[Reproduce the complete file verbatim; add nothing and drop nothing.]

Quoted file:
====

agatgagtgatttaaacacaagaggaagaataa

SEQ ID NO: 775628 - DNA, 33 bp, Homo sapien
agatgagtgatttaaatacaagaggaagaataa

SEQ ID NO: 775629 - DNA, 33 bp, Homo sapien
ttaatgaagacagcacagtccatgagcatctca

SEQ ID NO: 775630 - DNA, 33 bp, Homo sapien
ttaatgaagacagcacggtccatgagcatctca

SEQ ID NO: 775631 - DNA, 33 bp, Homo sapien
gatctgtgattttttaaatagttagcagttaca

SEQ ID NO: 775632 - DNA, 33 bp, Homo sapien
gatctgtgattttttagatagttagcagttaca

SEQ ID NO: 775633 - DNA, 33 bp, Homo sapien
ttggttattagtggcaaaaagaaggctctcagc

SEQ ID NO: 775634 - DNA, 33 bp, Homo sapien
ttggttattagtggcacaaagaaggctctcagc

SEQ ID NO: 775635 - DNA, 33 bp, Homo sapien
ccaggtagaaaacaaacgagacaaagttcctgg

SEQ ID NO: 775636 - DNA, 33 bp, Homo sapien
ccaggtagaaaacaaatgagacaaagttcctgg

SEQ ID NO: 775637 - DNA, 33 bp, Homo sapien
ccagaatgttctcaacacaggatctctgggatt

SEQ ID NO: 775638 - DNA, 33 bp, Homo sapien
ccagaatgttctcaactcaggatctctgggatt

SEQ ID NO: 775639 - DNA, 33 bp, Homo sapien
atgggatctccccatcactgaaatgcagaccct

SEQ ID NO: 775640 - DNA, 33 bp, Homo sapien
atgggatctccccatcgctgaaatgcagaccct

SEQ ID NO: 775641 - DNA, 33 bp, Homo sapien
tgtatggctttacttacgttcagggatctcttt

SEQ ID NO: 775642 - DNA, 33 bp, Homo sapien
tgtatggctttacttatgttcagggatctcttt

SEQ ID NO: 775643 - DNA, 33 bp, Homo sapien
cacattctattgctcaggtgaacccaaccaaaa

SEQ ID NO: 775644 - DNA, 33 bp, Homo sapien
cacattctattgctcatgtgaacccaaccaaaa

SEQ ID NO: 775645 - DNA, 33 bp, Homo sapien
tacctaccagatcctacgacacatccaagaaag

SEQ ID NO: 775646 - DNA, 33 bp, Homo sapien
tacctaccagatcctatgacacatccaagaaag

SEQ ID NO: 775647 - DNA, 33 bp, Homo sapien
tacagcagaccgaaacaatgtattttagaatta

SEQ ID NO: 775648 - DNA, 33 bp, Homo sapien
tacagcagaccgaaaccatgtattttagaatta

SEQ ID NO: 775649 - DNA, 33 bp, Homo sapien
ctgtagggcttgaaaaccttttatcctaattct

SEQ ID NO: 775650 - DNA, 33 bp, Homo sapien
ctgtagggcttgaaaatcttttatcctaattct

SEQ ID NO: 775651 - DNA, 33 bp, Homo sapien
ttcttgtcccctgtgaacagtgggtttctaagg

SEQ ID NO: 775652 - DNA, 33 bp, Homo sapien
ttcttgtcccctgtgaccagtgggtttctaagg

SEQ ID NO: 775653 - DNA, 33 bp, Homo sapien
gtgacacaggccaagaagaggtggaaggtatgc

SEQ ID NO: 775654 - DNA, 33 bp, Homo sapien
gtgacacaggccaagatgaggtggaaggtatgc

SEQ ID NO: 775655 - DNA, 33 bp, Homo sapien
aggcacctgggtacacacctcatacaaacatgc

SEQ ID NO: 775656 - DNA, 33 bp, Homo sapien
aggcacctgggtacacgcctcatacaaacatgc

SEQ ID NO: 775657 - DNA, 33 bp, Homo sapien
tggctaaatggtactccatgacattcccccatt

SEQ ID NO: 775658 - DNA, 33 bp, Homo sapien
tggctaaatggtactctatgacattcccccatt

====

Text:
agatgagtgatttaaacacaagaggaagaataa

SEQ ID NO: 775628 - DNA, 33 bp, Homo sapien
agatgagtgatttaaatacaagaggaagaataa

SEQ ID NO: 775629 - DNA, 33 bp, Homo sapien
ttaatgaagacagcacagtccatgagcatctca

SEQ ID NO: 775630 - DNA, 33 bp, Homo sapien
ttaatgaagacagcacggtccatgagcatctca

SEQ ID NO: 775631 - DNA, 33 bp, Homo sapien
gatctgtgattttttaaatagttagcagttaca

SEQ ID NO: 775632 - DNA, 33 bp, Homo sapien
gatctgtgattttttagatagttagcagttaca

SEQ ID NO: 775633 - DNA, 33 bp, Homo sapien
ttggttattagtggcaaaaagaaggctctcagc

SEQ ID NO: 775634 - DNA, 33 bp, Homo sapien
ttggttattagtggcacaaagaaggctctcagc

SEQ ID NO: 775635 - DNA, 33 bp, Homo sapien
ccaggtagaaaacaaacgagacaaagttcctgg

SEQ ID NO: 775636 - DNA, 33 bp, Homo sapien
ccaggtagaaaacaaatgagacaaagttcctgg

SEQ ID NO: 775637 - DNA, 33 bp, Homo sapien
ccagaatgttctcaacacaggatctctgggatt

SEQ ID NO: 775638 - DNA, 33 bp, Homo sapien
ccagaatgttctcaactcaggatctctgggatt

SEQ ID NO: 775639 - DNA, 33 bp, Homo sapien
atgggatctccccatcactgaaatgcagaccct

SEQ ID NO: 775640 - DNA, 33 bp, Homo sapien
atgggatctccccatcgctgaaatgcagaccct

SEQ ID NO: 775641 - DNA, 33 bp, Homo sapien
tgtatggctttacttacgttcagggatctcttt

SEQ ID NO: 775642 - DNA, 33 bp, Homo sapien
tgtatggctttacttatgttcagggatctcttt

SEQ ID NO: 775643 - DNA, 33 bp, Homo sapien
cacattctattgctcaggtgaacccaaccaaaa

SEQ ID NO: 775644 - DNA, 33 bp, Homo sapien
cacattctattgctcatgtgaacccaaccaaaa

SEQ ID NO: 775645 - DNA, 33 bp, Homo sapien
tacctaccagatcctacgacacatccaagaaag

SEQ ID NO: 775646 - DNA, 33 bp, Homo sapien
tacctaccagatcctatgacacatccaagaaag

SEQ ID NO: 775647 - DNA, 33 bp, Homo sapien
tacagcagaccgaaacaatgtattttagaatta

SEQ ID NO: 775648 - DNA, 33 bp, Homo sapien
tacagcagaccgaaaccatgtattttagaatta

SEQ ID NO: 775649 - DNA, 33 bp, Homo sapien
ctgtagggcttgaaaaccttttatcctaattct

SEQ ID NO: 775650 - DNA, 33 bp, Homo sapien
ctgtagggcttgaaaatcttttatcctaattct

SEQ ID NO: 775651 - DNA, 33 bp, Homo sapien
ttcttgtcccctgtgaacagtgggtttctaagg

SEQ ID NO: 775652 - DNA, 33 bp, Homo sapien
ttcttgtcccctgtgaccagtgggtttctaagg

SEQ ID NO: 775653 - DNA, 33 bp, Homo sapien
gtgacacaggccaagaagaggtggaaggtatgc

SEQ ID NO: 775654 - DNA, 33 bp, Homo sapien
gtgacacaggccaagatgaggtggaaggtatgc

SEQ ID NO: 775655 - DNA, 33 bp, Homo sapien
aggcacctgggtacacacctcatacaaacatgc

SEQ ID NO: 775656 - DNA, 33 bp, Homo sapien
aggcacctgggtacacgcctcatacaaacatgc

SEQ ID NO: 775657 - DNA, 33 bp, Homo sapien
tggctaaatggtactccatgacattcccccatt

SEQ ID NO: 775658 - DNA, 33 bp, Homo sapien
tggctaaatggtactctatgacattcccccatt